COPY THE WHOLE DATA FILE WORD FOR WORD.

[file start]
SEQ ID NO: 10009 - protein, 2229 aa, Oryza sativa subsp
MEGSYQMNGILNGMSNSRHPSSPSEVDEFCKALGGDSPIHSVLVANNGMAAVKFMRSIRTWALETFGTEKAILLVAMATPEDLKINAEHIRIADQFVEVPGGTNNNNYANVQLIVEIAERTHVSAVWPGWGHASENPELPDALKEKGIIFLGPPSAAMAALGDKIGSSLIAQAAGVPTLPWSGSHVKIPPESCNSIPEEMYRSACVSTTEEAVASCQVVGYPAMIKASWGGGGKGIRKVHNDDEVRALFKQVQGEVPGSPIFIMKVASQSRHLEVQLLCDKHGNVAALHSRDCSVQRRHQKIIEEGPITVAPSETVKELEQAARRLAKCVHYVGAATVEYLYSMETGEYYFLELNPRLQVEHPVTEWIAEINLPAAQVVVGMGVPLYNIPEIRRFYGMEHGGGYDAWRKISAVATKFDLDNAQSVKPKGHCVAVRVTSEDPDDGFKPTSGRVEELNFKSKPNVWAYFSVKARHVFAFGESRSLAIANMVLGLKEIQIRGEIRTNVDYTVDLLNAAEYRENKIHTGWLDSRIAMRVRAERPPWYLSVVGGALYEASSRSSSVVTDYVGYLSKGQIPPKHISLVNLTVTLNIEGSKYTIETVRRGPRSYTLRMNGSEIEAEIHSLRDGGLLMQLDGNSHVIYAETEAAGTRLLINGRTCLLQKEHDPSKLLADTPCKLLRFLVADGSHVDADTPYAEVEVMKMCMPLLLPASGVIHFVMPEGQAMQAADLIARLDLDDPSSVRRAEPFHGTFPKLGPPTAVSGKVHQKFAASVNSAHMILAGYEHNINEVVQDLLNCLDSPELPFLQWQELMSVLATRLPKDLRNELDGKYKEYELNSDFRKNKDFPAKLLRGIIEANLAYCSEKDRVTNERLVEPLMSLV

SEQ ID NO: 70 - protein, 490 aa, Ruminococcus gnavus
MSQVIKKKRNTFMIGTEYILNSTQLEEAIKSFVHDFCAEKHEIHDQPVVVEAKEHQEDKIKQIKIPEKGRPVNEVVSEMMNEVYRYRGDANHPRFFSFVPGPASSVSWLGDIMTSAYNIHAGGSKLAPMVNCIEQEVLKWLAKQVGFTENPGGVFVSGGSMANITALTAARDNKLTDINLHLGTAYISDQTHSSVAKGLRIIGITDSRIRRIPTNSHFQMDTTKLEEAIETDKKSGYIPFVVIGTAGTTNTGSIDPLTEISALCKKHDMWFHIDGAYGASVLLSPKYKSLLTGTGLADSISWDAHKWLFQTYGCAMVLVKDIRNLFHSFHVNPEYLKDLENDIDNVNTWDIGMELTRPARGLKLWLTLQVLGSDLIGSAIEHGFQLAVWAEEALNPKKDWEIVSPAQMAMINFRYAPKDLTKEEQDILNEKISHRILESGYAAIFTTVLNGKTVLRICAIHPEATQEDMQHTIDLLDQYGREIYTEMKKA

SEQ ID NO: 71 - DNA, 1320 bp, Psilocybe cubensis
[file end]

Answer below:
SEQ ID NO: 10009 - protein, 2229 aa, Oryza sativa subsp
MEGSYQMNGILNGMSNSRHPSSPSEVDEFCKALGGDSPIHSVLVANNGMAAVKFMRSIRTWALETFGTEKAILLVAMATPEDLKINAEHIRIADQFVEVPGGTNNNNYANVQLIVEIAERTHVSAVWPGWGHASENPELPDALKEKGIIFLGPPSAAMAALGDKIGSSLIAQAAGVPTLPWSGSHVKIPPESCNSIPEEMYRSACVSTTEEAVASCQVVGYPAMIKASWGGGGKGIRKVHNDDEVRALFKQVQGEVPGSPIFIMKVASQSRHLEVQLLCDKHGNVAALHSRDCSVQRRHQKIIEEGPITVAPSETVKELEQAARRLAKCVHYVGAATVEYLYSMETGEYYFLELNPRLQVEHPVTEWIAEINLPAAQVVVGMGVPLYNIPEIRRFYGMEHGGGYDAWRKISAVATKFDLDNAQSVKPKGHCVAVRVTSEDPDDGFKPTSGRVEELNFKSKPNVWAYFSVKARHVFAFGESRSLAIANMVLGLKEIQIRGEIRTNVDYTVDLLNAAEYRENKIHTGWLDSRIAMRVRAERPPWYLSVVGGALYEASSRSSSVVTDYVGYLSKGQIPPKHISLVNLTVTLNIEGSKYTIETVRRGPRSYTLRMNGSEIEAEIHSLRDGGLLMQLDGNSHVIYAETEAAGTRLLINGRTCLLQKEHDPSKLLADTPCKLLRFLVADGSHVDADTPYAEVEVMKMCMPLLLPASGVIHFVMPEGQAMQAADLIARLDLDDPSSVRRAEPFHGTFPKLGPPTAVSGKVHQKFAASVNSAHMILAGYEHNINEVVQDLLNCLDSPELPFLQWQELMSVLATRLPKDLRNELDGKYKEYELNSDFRKNKDFPAKLLRGIIEANLAYCSEKDRVTNERLVEPLMSLV

SEQ ID NO: 70 - protein, 490 aa, Ruminococcus gnavus
MSQVIKKKRNTFMIGTEYILNSTQLEEAIKSFVHDFCAEKHEIHDQPVVVEAKEHQEDKIKQIKIPEKGRPVNEVVSEMMNEVYRYRGDANHPRFFSFVPGPASSVSWLGDIMTSAYNIHAGGSKLAPMVNCIEQEVLKWLAKQVGFTENPGGVFVSGGSMANITALTAARDNKLTDINLHLGTAYISDQTHSSVAKGLRIIGITDSRIRRIPTNSHFQMDTTKLEEAIETDKKSGYIPFVVIGTAGTTNTGSIDPLTEISALCKKHDMWFHIDGAYGASVLLSPKYKSLLTGTGLADSISWDAHKWLFQTYGCAMVLVKDIRNLFHSFHVNPEYLKDLENDIDNVNTWDIGMELTRPARGLKLWLTLQVLGSDLIGSAIEHGFQLAVWAEEALNPKKDWEIVSPAQMAMINFRYAPKDLTKEEQDILNEKISHRILESGYAAIFTTVLNGKTVLRICAIHPEATQEDMQHTIDLLDQYGREIYTEMKKA

SEQ ID NO: 71 - DNA, 1320 bp, Psilocybe cubensis